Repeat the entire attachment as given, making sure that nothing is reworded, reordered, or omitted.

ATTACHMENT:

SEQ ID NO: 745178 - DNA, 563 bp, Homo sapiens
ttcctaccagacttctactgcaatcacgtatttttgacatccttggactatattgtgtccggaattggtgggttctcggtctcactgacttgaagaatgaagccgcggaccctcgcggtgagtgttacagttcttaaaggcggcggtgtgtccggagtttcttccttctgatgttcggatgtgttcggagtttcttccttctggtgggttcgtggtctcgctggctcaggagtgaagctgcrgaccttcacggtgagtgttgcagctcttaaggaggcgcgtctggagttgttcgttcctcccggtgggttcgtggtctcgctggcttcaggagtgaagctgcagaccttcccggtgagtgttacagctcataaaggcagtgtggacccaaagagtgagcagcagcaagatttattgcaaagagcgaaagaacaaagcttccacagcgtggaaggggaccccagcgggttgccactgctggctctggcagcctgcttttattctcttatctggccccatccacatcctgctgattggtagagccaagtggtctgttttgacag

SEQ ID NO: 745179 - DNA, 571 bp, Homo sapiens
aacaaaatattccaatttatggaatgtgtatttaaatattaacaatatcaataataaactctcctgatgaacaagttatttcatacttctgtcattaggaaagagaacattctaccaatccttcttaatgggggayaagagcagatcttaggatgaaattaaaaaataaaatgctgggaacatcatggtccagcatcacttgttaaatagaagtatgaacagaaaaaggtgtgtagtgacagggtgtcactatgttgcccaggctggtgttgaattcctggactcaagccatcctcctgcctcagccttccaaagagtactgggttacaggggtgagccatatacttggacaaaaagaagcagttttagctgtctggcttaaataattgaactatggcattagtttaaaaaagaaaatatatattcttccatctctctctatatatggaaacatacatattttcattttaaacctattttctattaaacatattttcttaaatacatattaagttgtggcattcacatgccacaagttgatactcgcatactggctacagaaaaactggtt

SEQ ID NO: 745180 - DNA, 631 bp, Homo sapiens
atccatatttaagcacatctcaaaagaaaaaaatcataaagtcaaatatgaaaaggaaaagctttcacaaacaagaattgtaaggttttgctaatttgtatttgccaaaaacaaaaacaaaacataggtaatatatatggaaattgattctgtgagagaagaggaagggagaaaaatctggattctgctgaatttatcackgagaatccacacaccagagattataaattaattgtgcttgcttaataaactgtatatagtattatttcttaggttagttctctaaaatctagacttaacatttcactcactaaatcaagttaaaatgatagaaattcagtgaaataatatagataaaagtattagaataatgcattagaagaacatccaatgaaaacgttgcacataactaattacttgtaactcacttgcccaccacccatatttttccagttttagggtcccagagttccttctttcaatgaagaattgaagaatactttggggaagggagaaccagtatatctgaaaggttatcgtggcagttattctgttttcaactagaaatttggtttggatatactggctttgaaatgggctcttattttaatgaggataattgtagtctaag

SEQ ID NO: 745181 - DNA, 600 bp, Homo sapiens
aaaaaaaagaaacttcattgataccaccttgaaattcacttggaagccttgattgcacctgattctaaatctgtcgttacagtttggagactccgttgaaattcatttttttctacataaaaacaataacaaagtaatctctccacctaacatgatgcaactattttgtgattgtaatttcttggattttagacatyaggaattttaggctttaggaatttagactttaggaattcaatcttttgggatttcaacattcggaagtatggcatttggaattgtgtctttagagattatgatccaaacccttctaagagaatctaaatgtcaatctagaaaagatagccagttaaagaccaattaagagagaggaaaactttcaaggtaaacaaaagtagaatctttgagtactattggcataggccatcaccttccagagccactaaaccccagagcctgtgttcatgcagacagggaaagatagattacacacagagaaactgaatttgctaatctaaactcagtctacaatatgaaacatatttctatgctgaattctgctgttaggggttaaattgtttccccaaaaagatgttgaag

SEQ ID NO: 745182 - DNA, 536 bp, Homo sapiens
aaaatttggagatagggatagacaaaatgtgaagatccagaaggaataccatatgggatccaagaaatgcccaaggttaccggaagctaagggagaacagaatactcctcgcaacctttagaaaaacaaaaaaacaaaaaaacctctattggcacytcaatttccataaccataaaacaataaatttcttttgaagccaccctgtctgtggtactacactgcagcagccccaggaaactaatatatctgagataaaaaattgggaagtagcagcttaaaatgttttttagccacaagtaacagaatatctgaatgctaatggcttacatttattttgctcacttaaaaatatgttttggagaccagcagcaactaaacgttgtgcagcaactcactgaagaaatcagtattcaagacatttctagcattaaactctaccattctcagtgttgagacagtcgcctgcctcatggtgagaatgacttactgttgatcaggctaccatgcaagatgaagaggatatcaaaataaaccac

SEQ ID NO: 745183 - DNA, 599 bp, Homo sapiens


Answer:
SEQ ID NO: 745178 - DNA, 563 bp, Homo sapiens
ttcctaccagacttctactgcaatcacgtatttttgacatccttggactatattgtgtccggaattggtgggttctcggtctcactgacttgaagaatgaagccgcggaccctcgcggtgagtgttacagttcttaaaggcggcggtgtgtccggagtttcttccttctgatgttcggatgtgttcggagtttcttccttctggtgggttcgtggtctcgctggctcaggagtgaagctgcrgaccttcacggtgagtgttgcagctcttaaggaggcgcgtctggagttgttcgttcctcccggtgggttcgtggtctcgctggcttcaggagtgaagctgcagaccttcccggtgagtgttacagctcataaaggcagtgtggacccaaagagtgagcagcagcaagatttattgcaaagagcgaaagaacaaagcttccacagcgtggaaggggaccccagcgggttgccactgctggctctggcagcctgcttttattctcttatctggccccatccacatcctgctgattggtagagccaagtggtctgttttgacag

SEQ ID NO: 745179 - DNA, 571 bp, Homo sapiens
aacaaaatattccaatttatggaatgtgtatttaaatattaacaatatcaataataaactctcctgatgaacaagttatttcatacttctgtcattaggaaagagaacattctaccaatccttcttaatgggggayaagagcagatcttaggatgaaattaaaaaataaaatgctgggaacatcatggtccagcatcacttgttaaatagaagtatgaacagaaaaaggtgtgtagtgacagggtgtcactatgttgcccaggctggtgttgaattcctggactcaagccatcctcctgcctcagccttccaaagagtactgggttacaggggtgagccatatacttggacaaaaagaagcagttttagctgtctggcttaaataattgaactatggcattagtttaaaaaagaaaatatatattcttccatctctctctatatatggaaacatacatattttcattttaaacctattttctattaaacatattttcttaaatacatattaagttgtggcattcacatgccacaagttgatactcgcatactggctacagaaaaactggtt

SEQ ID NO: 745180 - DNA, 631 bp, Homo sapiens
atccatatttaagcacatctcaaaagaaaaaaatcataaagtcaaatatgaaaaggaaaagctttcacaaacaagaattgtaaggttttgctaatttgtatttgccaaaaacaaaaacaaaacataggtaatatatatggaaattgattctgtgagagaagaggaagggagaaaaatctggattctgctgaatttatcackgagaatccacacaccagagattataaattaattgtgcttgcttaataaactgtatatagtattatttcttaggttagttctctaaaatctagacttaacatttcactcactaaatcaagttaaaatgatagaaattcagtgaaataatatagataaaagtattagaataatgcattagaagaacatccaatgaaaacgttgcacataactaattacttgtaactcacttgcccaccacccatatttttccagttttagggtcccagagttccttctttcaatgaagaattgaagaatactttggggaagggagaaccagtatatctgaaaggttatcgtggcagttattctgttttcaactagaaatttggtttggatatactggctttgaaatgggctcttattttaatgaggataattgtagtctaag

SEQ ID NO: 745181 - DNA, 600 bp, Homo sapiens
aaaaaaaagaaacttcattgataccaccttgaaattcacttggaagccttgattgcacctgattctaaatctgtcgttacagtttggagactccgttgaaattcatttttttctacataaaaacaataacaaagtaatctctccacctaacatgatgcaactattttgtgattgtaatttcttggattttagacatyaggaattttaggctttaggaatttagactttaggaattcaatcttttgggatttcaacattcggaagtatggcatttggaattgtgtctttagagattatgatccaaacccttctaagagaatctaaatgtcaatctagaaaagatagccagttaaagaccaattaagagagaggaaaactttcaaggtaaacaaaagtagaatctttgagtactattggcataggccatcaccttccagagccactaaaccccagagcctgtgttcatgcagacagggaaagatagattacacacagagaaactgaatttgctaatctaaactcagtctacaatatgaaacatatttctatgctgaattctgctgttaggggttaaattgtttccccaaaaagatgttgaag

SEQ ID NO: 745182 - DNA, 536 bp, Homo sapiens
aaaatttggagatagggatagacaaaatgtgaagatccagaaggaataccatatgggatccaagaaatgcccaaggttaccggaagctaagggagaacagaatactcctcgcaacctttagaaaaacaaaaaaacaaaaaaacctctattggcacytcaatttccataaccataaaacaataaatttcttttgaagccaccctgtctgtggtactacactgcagcagccccaggaaactaatatatctgagataaaaaattgggaagtagcagcttaaaatgttttttagccacaagtaacagaatatctgaatgctaatggcttacatttattttgctcacttaaaaatatgttttggagaccagcagcaactaaacgttgtgcagcaactcactgaagaaatcagtattcaagacatttctagcattaaactctaccattctcagtgttgagacagtcgcctgcctcatggtgagaatgacttactgttgatcaggctaccatgcaagatgaagaggatatcaaaataaaccac

SEQ ID NO: 745183 - DNA, 599 bp, Homo sapiens